While T.J. Oshie of the St. Louis Blues and his online campaign to appear on the cover of NHL 2015 (#NHL15Oshie) garnered most of the focus of celebrities in the crowd at Sunday’s game, St. Louis Cardinals third baseman Matt Carpenter also had some special guests in attendance.
The Turnpike Troubadours.
“I’ve been getting to know them pretty well over the last few years,” said Carpenter of the band which performs his walk-up song “Long Hot Summer Day”:
“I became a fan of just their music and I chose the walk-up song. We kind of conversated over Twitter one time back in 2011-12 and they come through Fort Worth all the time at place called Billy-Bob’s.”
So does the old adage still hold true—rock stars want to be athletes and athletes want to be rock stars?
“I sang on stage with them this offseason,” shared Carpenter. “We had a TCU football game and they were playing afterwards. Me and just a group of my friends from back home were hanging out with them backstage and listening to the concert.”
The next thing he knew Carpenter was being introduced to join them on stage.
“They were like ‘hey, we’ve got a special guest’. I had no idea and was like ‘wonder who it is’”, recalled Matt who went wide-eyed when he heard his name called out. Surprised or not, the third baseman joined his friends on stage to sing-a-long to his theme.
His friends saw one of his better performances at the plate this season as the third baseman reached base in all five plate appearances with a pair of singles and three walks.
Matt Carpenter has 38 strikeouts in 170 at-bats (22%) thus far on the season. Last year, he struck out 98 times in 626 at bats (16%)—but this year’s number may not entirely be upon Carpenter.
As of May 16th, Carpenter led the Majors in called strikes that were out of the zone based on research by Michael Augustine, the editor-in-chief of BehindInTheCount.com. According to those numbers, Carpenter had correctly laid off 75 pitches that were erroneously called a strike. Shin-Soo Choo was next with 65 and Joey Votto had the second most in the NL with 58.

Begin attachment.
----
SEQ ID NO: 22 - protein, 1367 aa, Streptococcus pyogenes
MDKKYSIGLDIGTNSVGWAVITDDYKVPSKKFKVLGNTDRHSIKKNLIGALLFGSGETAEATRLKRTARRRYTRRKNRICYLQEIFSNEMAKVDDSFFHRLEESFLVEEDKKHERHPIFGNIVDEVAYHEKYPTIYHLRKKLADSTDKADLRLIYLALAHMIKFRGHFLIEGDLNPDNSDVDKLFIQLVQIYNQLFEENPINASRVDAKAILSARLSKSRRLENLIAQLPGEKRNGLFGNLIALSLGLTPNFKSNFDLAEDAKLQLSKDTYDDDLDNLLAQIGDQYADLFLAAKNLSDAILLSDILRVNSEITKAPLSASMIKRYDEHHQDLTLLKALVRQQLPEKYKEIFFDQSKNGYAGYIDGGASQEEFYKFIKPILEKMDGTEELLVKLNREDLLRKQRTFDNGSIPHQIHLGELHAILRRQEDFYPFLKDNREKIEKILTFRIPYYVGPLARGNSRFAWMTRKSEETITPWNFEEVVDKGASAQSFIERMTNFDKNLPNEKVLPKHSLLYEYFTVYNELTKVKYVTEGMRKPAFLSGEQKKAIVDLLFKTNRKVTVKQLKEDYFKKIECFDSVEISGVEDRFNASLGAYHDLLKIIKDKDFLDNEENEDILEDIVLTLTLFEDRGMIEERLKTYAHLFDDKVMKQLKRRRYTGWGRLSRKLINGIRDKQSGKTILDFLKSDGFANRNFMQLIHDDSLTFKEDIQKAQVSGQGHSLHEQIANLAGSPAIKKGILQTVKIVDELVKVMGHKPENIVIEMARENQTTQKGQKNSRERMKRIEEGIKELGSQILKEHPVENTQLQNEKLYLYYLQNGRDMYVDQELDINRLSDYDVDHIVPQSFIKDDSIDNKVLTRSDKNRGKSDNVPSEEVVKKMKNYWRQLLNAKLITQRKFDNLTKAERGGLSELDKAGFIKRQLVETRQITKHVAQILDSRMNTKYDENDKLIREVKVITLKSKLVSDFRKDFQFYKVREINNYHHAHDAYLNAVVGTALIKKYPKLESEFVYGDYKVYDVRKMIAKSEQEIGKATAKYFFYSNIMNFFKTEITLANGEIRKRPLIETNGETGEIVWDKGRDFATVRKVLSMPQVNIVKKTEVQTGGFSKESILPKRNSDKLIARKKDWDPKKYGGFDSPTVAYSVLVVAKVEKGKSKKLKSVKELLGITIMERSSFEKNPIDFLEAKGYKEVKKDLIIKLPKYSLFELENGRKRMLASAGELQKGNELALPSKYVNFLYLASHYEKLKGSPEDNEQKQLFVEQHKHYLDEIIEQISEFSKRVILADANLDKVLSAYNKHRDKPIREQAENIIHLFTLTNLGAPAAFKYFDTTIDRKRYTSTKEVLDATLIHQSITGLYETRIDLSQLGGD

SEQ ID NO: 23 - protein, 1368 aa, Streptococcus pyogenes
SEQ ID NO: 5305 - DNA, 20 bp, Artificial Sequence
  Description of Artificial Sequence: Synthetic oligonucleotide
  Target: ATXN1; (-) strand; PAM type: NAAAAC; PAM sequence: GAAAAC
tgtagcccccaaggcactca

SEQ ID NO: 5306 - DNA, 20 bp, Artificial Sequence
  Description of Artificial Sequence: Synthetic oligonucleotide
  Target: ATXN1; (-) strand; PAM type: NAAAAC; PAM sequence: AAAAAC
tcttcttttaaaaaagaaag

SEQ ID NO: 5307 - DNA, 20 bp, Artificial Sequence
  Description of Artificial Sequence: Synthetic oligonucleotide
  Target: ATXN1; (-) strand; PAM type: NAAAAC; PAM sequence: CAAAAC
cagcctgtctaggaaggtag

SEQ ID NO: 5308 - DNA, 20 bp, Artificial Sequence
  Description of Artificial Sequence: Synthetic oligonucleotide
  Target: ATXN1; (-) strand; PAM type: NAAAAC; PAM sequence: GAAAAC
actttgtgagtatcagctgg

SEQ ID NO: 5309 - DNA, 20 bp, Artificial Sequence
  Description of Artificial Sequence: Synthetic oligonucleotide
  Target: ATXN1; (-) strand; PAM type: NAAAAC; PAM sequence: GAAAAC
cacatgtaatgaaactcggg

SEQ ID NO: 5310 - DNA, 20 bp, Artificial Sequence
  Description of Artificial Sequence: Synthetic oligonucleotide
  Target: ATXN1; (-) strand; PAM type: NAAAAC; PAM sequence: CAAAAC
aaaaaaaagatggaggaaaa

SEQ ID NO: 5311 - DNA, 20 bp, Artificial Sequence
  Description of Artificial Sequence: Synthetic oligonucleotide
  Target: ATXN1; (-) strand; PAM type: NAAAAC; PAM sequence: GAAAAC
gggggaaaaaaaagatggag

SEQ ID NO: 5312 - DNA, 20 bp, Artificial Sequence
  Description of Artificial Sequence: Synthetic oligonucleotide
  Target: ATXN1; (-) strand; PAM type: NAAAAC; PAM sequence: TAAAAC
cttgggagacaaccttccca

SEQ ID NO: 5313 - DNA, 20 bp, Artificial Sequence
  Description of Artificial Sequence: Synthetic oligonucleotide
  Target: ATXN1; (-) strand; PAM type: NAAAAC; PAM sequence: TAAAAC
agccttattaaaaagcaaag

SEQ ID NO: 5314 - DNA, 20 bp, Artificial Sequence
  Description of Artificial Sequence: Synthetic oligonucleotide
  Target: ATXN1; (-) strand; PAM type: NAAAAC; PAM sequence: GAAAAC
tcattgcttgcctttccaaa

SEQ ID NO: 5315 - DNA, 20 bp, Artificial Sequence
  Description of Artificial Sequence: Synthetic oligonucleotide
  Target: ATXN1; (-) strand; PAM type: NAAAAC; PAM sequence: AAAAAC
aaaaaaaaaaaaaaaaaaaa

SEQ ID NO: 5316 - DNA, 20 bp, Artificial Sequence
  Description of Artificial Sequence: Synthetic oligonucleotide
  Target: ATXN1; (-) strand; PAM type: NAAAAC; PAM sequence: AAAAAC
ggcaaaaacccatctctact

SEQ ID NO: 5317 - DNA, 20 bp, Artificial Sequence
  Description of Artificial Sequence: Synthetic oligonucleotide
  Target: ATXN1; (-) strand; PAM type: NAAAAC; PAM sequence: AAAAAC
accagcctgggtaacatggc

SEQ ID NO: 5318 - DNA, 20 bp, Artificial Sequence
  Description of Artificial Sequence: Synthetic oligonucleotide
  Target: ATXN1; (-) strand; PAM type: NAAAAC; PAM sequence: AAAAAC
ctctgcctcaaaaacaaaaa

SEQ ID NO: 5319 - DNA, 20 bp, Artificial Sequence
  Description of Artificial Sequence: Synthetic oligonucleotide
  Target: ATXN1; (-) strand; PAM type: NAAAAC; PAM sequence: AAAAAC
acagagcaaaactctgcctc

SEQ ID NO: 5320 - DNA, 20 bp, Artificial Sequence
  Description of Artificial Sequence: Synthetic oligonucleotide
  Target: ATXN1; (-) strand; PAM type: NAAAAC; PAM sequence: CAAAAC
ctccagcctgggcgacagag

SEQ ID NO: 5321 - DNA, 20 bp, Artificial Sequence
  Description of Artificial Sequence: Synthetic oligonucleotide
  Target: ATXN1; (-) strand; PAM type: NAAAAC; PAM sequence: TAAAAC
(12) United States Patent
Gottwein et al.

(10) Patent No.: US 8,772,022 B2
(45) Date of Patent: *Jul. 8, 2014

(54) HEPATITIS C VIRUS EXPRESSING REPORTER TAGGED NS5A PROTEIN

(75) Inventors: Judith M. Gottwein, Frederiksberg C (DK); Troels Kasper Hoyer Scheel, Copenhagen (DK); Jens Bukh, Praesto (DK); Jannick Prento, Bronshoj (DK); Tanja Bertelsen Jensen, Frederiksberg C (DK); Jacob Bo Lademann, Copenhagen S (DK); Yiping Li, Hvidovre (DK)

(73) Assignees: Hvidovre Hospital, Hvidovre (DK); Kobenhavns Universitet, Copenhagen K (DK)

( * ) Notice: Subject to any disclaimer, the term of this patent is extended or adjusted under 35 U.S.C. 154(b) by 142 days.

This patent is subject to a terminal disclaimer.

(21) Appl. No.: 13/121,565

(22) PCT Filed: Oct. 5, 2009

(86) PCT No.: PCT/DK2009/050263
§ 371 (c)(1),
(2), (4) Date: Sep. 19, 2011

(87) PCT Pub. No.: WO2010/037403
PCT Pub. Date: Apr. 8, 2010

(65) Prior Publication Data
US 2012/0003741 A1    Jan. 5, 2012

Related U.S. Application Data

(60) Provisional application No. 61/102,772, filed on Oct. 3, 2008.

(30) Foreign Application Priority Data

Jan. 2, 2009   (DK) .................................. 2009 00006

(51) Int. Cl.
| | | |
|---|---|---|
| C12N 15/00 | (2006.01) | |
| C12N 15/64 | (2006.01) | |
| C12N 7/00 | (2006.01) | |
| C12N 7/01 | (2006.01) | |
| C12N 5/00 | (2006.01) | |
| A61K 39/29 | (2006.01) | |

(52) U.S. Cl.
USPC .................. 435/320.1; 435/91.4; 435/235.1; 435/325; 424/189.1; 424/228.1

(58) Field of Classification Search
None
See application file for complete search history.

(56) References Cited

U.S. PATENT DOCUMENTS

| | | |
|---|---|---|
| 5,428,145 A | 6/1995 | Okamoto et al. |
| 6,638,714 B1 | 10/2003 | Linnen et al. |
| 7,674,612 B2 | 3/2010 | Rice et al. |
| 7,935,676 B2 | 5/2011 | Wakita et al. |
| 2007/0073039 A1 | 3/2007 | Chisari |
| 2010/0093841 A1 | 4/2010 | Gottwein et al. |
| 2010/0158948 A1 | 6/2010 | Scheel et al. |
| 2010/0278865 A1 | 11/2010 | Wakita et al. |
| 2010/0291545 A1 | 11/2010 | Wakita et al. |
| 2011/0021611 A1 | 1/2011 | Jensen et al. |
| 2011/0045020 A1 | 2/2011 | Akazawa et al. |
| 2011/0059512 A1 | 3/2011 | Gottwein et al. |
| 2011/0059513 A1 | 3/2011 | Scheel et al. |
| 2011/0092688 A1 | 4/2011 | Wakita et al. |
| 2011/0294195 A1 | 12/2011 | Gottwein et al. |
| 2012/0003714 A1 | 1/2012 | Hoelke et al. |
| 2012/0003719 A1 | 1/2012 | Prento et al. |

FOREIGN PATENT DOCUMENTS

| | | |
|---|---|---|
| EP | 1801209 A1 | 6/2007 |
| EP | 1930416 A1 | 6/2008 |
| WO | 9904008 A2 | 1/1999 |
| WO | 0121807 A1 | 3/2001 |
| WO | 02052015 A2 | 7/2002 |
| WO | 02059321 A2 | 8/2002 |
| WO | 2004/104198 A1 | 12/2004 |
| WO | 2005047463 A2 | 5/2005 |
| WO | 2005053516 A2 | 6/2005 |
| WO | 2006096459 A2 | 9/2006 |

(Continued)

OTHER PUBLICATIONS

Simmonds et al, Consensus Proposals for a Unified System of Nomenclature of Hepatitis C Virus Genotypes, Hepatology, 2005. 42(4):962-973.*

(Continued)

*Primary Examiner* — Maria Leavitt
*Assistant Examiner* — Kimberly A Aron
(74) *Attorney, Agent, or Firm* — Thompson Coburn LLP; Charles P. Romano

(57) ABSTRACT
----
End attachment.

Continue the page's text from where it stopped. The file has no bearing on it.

“I don’t know how I feel about that,” said Carpenter when told of the statistic. “Honestly, that’s kind of the nature of a guy who sees a lot of pitches and works counts. There’s going to be times where calls are going to be made that don’t go in your favor, but I think that–my approach is something I really believe in. It’s like you can’t look at 40 games or one month. My approach, if I really continue to stick with it, over the course of the season is where it pays it’s dividends. Right now, I don’t feel great at the plate. I haven’t really hit that groove yet but at the same time I find a way to get on base.
His own toughest critic on evaluating at-bats and pitch selection, Carpenter employs a consistent philosophy on borderline pitches.
“A 3-2 count or something and a guy makes a pitch that’s a borderline strike that if I swing at, odds are I’m going to put it in play softly,” explained Matt. “But if it’s a borderline pitch, there’s a 50-50 chance that he balls it and you’re on first base. Where if you can’t hit it hard, I mean, what’s the point? Or at least, that’s the way I look at it. So, situations where I feel like I took a pitch that I feel like should’ve been called a ball and they called a strike, it is what it is. You can’t harp on it, you just have to move on.”
“As the lead-off guy, that’s what you gotta do—you have to find a way to get on there,” added Carpenter. “I know there will be a time where—I’m hoping and I believe it, that there will be a time over the course of this season where I’m swinging the bat and instead of walks it will be five hits or something. So, that will come but at the time I’ve got to continue with my approach and stick with it.”
Having hits in four of the last five games, Carpenter is currently batting .265 but owns a .371 OBP.
photo credit: Scott Rovak-USA TODAY Sports